Screen Monitoring Software For Mac !NEW!
Screen Monitoring Software For Mac
Time Doctor is an employee productivity tracking software used by major companies, like Ericsson, as well as by small businesses, like FirehouseSubs, to help managers and employees optimize their performance.
Note: The mouse and keyboard activity number is based on the approximate amount of mouse clicks or strokes recorded from previous screencasts. Time Doctor is not a keylogger.
REFOG Personal Monitor replaces costly surveillance systems with a highly customizable, easy to use software solution running in background on your Mac. REFOG Personal Monitor runs silently in background; it cannot be seen, disabled, uninstalled or tampered with by anyone without your master password.
Employee Monitoring Software (EMP) not only helps you keep an eye on workers but many also feature network monitoring tools which help enforce your companies data security policies and protocols.
EMP tools go beyond normal time tracking tools (but often include them too) as they can often take screenshots of what employees are spending their time, restrict access to certain apps such as Facebook and monitor which applications they are using the most.
Remote monitoring tools focus on monitoring computer usage whereas remote desktop software tools are usually used to connect to another Mac or PC in order to share files, provide technical support, connect to a home office etc.
DeskTime covers everything from recording sick days and absences to monitoring app usage and websites visited. DeskTime takes auto screenshots of employee activity and has activity rate trackers to track time spent on individual projects.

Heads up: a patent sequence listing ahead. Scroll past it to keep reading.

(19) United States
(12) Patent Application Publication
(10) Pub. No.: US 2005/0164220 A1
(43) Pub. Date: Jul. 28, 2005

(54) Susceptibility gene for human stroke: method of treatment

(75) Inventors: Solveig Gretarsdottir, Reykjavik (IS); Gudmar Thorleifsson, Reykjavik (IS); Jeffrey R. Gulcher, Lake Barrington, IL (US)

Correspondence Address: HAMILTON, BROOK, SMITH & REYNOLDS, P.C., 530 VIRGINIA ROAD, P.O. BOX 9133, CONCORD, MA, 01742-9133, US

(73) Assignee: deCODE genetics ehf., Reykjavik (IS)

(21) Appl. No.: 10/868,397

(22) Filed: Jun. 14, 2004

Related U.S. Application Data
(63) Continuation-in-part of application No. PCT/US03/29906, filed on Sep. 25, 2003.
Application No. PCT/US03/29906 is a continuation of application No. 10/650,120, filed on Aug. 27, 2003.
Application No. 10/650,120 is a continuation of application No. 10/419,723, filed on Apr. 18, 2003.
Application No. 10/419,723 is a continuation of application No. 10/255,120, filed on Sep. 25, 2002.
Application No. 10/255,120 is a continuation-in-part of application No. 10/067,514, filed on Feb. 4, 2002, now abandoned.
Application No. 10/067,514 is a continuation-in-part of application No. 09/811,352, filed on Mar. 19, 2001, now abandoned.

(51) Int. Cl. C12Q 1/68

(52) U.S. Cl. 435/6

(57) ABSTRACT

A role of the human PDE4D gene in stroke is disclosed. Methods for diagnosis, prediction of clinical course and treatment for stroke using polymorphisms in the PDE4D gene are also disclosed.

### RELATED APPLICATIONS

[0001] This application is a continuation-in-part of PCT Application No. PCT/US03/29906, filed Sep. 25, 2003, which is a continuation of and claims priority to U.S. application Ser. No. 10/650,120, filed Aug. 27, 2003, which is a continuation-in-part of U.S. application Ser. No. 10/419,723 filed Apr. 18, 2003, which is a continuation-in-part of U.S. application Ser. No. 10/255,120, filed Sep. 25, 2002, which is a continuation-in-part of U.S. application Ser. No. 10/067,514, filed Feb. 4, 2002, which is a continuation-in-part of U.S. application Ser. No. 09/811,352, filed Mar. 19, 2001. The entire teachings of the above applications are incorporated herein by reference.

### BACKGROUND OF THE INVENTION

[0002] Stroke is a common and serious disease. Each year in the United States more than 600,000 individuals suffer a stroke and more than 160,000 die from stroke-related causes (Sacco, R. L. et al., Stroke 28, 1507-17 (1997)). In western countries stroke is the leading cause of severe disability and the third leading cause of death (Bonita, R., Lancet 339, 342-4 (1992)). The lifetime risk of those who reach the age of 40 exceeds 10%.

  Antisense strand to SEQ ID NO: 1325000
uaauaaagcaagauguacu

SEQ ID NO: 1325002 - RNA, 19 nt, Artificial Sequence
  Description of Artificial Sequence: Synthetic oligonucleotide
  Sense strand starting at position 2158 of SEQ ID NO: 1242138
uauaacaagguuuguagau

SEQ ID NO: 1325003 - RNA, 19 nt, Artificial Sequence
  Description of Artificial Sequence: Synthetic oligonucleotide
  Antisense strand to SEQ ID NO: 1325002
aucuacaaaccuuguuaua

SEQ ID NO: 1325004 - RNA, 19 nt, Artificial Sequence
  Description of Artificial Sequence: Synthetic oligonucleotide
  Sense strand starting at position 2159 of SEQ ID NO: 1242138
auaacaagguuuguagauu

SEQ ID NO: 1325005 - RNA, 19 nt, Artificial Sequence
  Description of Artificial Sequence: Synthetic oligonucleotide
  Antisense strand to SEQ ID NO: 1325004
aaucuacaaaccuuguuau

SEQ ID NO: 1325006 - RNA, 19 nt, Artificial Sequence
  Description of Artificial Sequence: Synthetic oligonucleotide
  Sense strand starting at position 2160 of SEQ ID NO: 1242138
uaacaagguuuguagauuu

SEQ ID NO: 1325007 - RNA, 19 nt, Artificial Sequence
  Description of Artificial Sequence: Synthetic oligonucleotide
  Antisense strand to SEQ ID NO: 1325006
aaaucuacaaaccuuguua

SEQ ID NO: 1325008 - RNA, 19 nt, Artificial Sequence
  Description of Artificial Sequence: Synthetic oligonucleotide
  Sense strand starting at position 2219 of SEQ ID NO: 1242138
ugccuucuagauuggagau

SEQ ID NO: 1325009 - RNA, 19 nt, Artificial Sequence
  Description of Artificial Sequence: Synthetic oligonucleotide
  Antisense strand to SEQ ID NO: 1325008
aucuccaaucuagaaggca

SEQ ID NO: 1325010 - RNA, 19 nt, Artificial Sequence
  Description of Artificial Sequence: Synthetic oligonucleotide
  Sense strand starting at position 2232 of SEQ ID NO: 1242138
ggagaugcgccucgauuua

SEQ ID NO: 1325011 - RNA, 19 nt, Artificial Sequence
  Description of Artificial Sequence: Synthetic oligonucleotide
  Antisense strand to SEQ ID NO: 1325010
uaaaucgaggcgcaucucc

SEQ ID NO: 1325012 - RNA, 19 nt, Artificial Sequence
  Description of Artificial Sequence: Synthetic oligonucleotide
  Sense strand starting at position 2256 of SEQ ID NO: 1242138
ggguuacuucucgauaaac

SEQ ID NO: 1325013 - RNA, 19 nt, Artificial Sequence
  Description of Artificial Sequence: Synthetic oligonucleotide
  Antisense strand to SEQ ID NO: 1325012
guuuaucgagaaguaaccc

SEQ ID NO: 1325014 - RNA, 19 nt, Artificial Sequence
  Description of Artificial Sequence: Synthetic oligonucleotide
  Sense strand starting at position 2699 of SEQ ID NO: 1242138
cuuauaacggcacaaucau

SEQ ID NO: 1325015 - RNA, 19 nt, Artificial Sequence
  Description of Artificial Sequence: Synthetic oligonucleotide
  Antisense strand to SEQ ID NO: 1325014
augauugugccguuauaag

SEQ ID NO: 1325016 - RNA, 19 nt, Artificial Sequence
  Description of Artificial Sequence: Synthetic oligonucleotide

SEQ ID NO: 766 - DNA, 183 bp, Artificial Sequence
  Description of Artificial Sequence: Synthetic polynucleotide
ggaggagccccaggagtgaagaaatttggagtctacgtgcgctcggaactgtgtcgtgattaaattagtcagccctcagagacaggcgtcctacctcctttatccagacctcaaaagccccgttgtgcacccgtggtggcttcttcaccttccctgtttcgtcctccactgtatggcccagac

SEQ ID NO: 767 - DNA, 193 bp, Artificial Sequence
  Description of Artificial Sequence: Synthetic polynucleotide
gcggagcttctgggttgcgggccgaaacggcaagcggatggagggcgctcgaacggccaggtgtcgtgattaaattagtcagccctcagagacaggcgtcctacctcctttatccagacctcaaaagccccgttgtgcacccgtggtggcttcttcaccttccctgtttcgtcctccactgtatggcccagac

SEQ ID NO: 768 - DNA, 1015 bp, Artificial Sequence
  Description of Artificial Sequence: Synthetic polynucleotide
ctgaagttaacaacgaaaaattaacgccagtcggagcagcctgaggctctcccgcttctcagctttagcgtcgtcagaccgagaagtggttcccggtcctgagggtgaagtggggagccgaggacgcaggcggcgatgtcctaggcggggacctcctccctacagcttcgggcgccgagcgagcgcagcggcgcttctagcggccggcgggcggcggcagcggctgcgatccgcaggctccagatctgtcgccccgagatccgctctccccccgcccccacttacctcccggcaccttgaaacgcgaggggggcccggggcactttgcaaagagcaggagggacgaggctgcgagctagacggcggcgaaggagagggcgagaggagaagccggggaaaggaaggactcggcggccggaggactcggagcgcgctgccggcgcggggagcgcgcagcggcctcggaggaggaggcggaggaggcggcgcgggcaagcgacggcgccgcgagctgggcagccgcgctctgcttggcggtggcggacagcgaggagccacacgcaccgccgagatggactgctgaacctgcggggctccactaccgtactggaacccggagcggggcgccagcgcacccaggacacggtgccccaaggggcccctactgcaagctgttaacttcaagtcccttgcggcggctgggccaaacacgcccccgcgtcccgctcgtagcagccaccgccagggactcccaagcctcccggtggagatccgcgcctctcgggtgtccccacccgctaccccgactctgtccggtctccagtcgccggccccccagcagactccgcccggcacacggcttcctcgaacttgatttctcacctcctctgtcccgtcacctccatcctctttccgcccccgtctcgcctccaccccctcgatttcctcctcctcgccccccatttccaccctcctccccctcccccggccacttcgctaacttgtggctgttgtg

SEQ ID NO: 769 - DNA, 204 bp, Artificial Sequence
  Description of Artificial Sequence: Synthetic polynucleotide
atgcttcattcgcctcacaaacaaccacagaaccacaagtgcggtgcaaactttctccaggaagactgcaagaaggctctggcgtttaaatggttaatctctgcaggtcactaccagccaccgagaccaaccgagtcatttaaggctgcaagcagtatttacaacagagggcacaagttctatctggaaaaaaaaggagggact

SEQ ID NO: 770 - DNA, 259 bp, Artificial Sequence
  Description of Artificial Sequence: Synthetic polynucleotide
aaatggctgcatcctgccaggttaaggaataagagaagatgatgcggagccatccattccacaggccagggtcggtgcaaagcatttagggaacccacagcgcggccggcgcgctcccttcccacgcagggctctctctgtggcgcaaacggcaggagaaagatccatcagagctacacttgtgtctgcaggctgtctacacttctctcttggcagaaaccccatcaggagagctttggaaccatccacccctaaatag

These are the top employee activity monitoring systems that work on both Mac and PC. If you have any questions, problems or suggestions about the apps featured here, let us know in the comments below.
Wondershare FamiSafe has all the key features you might want from a parental control app. That includes web filtering, app blocking, screen and app time management, and GPS location. And it offers activity reporting and parental alerts.
Employee monitoring systems are one tool to help address these concerns, and they're still evolving. In the pandemic era, solutions that have traditionally focused on tracking employee activity, logging suspicious behavior, and sniffing out possible insider threats are now pivoting to not only track productivity but also monitor health and wellness and even improve employee engagement.
For most of us, the idea of someone monitoring our computer usage is off-putting, at best. We value our privacy, and that extends to our PCs and devices. Nonetheless, our expectation of privacy in the workplace must necessarily be different than in our personal lives. Whether we work on our employer's premises or remotely, typically neither the equipment we use nor the data that crosses our desktops belong to us. As such, many employers will have valid and even essential reasons to monitor how we use these assets throughout our day.